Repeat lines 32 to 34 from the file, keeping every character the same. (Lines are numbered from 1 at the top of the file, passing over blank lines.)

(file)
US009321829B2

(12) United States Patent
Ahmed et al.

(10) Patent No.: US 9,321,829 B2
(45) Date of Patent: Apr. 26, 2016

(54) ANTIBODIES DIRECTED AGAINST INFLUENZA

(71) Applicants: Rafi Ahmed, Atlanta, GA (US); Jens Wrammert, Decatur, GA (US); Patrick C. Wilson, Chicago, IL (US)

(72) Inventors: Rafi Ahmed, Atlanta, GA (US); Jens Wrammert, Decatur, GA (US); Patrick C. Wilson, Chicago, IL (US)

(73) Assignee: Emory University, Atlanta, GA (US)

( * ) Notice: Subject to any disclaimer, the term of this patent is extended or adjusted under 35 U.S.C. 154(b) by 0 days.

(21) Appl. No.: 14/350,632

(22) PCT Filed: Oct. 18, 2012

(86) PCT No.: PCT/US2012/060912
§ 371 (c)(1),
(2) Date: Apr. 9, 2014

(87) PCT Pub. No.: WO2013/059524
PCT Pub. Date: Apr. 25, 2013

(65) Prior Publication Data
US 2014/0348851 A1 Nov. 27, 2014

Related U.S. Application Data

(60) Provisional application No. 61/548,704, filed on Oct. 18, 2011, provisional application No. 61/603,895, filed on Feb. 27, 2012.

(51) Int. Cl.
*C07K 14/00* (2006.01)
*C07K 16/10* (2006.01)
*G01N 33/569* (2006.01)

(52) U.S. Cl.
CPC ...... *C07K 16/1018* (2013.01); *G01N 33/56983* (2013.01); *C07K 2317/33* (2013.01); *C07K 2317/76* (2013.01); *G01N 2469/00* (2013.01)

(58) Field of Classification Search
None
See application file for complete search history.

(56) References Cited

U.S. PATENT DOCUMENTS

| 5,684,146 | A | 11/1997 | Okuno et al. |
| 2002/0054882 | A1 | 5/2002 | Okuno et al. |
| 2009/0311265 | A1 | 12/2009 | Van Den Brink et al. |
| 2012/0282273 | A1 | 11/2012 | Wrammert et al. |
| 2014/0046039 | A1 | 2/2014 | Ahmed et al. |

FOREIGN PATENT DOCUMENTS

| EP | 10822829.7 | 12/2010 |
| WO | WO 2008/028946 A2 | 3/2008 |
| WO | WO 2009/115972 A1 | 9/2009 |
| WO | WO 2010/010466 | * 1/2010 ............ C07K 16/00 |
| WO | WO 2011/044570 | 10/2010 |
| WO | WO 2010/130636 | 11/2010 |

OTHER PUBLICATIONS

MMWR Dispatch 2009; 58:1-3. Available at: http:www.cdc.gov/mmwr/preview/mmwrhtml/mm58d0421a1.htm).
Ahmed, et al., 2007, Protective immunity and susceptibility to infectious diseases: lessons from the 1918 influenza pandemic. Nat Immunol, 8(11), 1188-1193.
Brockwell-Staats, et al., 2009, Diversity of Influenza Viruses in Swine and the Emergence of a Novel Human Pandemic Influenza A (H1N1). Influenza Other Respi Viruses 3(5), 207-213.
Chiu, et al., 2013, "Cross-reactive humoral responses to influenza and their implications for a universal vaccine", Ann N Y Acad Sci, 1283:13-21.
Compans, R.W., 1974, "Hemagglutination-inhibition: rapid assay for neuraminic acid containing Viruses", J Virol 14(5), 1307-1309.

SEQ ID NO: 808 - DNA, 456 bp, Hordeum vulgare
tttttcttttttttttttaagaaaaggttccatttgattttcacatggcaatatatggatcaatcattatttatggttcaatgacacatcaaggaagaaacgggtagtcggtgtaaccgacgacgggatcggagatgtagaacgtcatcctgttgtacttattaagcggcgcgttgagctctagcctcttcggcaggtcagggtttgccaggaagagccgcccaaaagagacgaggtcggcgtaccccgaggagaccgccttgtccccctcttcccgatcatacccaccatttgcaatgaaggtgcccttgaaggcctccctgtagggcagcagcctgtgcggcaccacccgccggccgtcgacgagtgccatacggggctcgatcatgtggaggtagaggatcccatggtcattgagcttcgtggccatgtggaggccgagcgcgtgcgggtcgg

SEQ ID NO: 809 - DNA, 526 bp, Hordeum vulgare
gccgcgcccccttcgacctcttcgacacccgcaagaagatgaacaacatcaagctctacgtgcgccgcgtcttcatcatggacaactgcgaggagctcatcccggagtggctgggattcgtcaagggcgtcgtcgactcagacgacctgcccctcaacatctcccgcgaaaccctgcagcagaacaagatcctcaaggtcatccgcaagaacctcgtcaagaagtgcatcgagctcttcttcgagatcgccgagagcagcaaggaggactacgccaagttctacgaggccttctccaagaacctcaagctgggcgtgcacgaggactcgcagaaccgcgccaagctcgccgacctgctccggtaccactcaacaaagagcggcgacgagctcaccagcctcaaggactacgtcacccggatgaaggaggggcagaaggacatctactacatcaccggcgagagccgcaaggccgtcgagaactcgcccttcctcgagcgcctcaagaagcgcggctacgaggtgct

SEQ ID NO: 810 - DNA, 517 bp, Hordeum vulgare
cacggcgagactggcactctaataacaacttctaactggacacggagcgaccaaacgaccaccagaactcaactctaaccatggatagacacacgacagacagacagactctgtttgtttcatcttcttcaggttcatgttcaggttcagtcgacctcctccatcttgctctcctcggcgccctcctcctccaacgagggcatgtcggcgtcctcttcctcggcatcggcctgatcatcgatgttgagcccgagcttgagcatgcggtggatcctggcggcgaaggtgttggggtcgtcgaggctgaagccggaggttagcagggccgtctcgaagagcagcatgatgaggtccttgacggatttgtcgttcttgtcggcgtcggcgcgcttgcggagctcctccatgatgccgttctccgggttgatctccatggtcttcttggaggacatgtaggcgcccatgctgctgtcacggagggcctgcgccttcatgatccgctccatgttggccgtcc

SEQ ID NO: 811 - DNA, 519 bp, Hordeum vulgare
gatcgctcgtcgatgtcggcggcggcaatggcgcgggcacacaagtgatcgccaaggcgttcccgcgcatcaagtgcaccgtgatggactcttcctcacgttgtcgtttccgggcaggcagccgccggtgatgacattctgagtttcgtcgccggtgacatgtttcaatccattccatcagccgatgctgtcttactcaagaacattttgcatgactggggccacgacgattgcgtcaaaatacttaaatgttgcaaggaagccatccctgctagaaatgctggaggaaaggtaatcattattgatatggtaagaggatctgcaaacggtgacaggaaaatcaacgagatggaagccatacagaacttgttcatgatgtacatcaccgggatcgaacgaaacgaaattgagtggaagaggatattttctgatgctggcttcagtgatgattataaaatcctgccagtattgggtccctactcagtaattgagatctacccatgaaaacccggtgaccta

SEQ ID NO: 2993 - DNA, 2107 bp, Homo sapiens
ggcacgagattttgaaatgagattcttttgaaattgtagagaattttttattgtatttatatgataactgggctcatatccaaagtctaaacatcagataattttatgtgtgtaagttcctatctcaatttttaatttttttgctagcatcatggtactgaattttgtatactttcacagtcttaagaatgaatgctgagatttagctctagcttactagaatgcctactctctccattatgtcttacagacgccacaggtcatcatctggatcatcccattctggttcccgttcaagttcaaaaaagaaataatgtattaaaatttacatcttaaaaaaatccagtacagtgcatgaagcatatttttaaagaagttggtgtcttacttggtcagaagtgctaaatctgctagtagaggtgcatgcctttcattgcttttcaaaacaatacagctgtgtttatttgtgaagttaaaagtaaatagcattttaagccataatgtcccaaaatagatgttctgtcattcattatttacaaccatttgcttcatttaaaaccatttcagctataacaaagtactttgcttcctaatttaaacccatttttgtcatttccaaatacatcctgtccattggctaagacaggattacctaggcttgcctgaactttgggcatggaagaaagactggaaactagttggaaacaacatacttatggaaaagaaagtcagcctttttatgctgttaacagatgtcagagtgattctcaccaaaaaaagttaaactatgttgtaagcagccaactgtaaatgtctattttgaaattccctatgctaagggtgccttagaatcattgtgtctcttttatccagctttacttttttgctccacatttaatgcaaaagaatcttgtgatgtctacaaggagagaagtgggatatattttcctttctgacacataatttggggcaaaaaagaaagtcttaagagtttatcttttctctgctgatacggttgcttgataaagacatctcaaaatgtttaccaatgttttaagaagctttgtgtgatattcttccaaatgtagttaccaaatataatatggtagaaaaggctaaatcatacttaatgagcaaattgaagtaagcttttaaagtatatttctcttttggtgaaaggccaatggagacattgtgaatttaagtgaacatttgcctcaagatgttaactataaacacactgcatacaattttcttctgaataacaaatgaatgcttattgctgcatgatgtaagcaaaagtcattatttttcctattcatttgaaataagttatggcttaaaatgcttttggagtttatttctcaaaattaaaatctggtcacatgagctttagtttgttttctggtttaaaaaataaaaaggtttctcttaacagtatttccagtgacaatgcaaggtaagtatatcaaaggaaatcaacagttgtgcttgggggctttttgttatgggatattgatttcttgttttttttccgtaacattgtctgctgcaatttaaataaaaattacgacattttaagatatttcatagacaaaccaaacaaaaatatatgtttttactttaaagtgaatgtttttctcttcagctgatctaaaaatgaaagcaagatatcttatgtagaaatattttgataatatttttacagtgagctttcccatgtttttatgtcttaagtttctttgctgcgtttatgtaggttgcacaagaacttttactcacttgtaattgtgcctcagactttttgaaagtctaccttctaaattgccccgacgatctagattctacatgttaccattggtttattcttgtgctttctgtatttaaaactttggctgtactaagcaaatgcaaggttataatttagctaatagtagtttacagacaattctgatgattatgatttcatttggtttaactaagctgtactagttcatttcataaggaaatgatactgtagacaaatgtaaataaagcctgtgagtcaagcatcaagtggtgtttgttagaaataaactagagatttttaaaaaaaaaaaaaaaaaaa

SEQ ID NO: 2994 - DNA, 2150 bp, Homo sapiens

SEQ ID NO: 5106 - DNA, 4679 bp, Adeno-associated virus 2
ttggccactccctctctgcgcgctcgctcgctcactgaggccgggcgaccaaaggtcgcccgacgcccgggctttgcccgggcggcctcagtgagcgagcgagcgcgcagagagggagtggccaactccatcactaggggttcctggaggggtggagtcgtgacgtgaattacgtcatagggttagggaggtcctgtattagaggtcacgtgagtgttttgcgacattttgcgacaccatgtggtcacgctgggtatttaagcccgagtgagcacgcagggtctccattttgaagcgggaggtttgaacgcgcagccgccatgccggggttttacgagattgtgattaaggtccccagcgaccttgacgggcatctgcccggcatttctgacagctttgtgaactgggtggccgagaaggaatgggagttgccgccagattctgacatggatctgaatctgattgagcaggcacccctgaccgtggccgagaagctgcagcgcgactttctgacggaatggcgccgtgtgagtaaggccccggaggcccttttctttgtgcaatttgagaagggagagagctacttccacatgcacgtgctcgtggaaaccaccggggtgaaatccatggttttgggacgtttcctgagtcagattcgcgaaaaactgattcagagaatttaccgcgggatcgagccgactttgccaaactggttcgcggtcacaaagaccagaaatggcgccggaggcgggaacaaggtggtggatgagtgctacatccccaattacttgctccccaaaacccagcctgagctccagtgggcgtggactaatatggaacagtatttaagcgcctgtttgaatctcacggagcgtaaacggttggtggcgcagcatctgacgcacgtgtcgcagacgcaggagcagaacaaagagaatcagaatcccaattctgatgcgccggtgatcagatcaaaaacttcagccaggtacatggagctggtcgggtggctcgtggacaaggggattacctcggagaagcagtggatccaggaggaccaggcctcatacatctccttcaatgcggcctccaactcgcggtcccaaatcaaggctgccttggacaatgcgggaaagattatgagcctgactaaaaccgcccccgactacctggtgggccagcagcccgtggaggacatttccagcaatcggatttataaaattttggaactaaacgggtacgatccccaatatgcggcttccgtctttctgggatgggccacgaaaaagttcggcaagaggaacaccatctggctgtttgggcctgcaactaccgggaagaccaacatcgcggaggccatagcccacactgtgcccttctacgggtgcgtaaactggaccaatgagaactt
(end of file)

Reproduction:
U.S. PATENT DOCUMENTS

| 5,684,146 | A | 11/1997 | Okuno et al. |
| 2002/0054882 | A1 | 5/2002 | Okuno et al. |